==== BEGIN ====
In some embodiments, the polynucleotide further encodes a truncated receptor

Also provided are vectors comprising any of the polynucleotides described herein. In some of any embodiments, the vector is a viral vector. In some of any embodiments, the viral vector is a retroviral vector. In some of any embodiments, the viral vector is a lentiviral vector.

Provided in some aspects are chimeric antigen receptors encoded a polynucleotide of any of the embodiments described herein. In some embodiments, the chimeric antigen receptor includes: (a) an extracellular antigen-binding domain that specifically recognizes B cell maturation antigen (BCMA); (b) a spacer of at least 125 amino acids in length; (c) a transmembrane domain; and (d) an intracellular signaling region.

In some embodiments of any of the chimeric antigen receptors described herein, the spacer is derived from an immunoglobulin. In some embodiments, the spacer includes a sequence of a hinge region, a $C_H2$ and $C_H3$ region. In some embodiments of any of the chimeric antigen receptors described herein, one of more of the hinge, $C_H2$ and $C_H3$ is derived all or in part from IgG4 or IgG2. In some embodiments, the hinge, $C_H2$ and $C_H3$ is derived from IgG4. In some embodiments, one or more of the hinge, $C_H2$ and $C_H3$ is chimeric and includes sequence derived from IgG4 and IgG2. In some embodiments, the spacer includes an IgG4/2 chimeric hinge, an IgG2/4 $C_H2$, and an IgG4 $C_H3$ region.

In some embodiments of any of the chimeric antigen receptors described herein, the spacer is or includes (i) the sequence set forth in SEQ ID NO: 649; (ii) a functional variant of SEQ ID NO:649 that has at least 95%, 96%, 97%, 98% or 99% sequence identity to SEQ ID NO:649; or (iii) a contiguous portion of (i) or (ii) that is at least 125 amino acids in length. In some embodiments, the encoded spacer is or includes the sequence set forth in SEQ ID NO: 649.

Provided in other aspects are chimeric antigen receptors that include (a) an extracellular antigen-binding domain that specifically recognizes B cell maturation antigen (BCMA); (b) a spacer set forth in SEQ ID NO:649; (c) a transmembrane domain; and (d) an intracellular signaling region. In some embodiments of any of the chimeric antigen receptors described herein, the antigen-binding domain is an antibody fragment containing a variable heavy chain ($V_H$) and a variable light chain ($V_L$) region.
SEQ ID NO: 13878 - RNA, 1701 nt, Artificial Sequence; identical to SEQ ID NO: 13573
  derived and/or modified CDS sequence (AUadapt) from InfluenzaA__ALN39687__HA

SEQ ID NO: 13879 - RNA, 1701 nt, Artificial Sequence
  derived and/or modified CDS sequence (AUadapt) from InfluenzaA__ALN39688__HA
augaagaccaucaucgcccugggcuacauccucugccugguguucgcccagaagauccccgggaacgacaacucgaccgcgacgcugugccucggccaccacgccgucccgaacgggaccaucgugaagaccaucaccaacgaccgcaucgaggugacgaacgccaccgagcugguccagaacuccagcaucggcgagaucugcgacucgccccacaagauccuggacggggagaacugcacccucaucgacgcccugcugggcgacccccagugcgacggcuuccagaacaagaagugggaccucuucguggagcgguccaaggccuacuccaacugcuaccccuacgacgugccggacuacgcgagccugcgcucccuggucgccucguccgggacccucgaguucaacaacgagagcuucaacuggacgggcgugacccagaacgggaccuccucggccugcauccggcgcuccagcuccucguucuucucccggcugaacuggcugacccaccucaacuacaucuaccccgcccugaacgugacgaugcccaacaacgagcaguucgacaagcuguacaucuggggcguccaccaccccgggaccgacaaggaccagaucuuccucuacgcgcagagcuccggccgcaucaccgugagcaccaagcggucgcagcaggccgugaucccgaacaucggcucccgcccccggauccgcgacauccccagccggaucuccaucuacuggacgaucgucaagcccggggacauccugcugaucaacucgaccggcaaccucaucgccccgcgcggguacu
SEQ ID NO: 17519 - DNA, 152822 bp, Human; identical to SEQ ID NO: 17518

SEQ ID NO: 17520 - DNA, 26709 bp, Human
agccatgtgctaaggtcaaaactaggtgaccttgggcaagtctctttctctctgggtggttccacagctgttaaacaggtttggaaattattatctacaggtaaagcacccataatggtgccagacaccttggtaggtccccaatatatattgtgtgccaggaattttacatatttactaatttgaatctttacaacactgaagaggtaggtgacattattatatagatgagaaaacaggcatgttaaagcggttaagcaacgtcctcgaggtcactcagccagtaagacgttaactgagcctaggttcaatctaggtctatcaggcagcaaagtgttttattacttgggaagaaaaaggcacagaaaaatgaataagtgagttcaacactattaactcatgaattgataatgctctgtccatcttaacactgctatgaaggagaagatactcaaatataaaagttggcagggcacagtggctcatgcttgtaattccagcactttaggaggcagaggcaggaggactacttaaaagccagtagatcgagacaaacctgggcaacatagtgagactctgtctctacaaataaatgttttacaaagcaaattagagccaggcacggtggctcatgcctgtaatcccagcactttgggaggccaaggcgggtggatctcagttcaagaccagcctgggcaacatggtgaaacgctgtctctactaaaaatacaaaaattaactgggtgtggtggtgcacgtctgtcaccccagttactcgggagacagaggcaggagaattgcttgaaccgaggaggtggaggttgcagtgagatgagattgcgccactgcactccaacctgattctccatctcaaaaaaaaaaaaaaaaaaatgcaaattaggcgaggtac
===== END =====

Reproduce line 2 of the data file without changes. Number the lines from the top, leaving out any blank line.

Also provided are vectors comprising any of the polynucleotides described herein. In some of any embodiments, the vector is a viral vector. In some of any embodiments, the viral vector is a retroviral vector. In some of any embodiments, the viral vector is a lentiviral vector.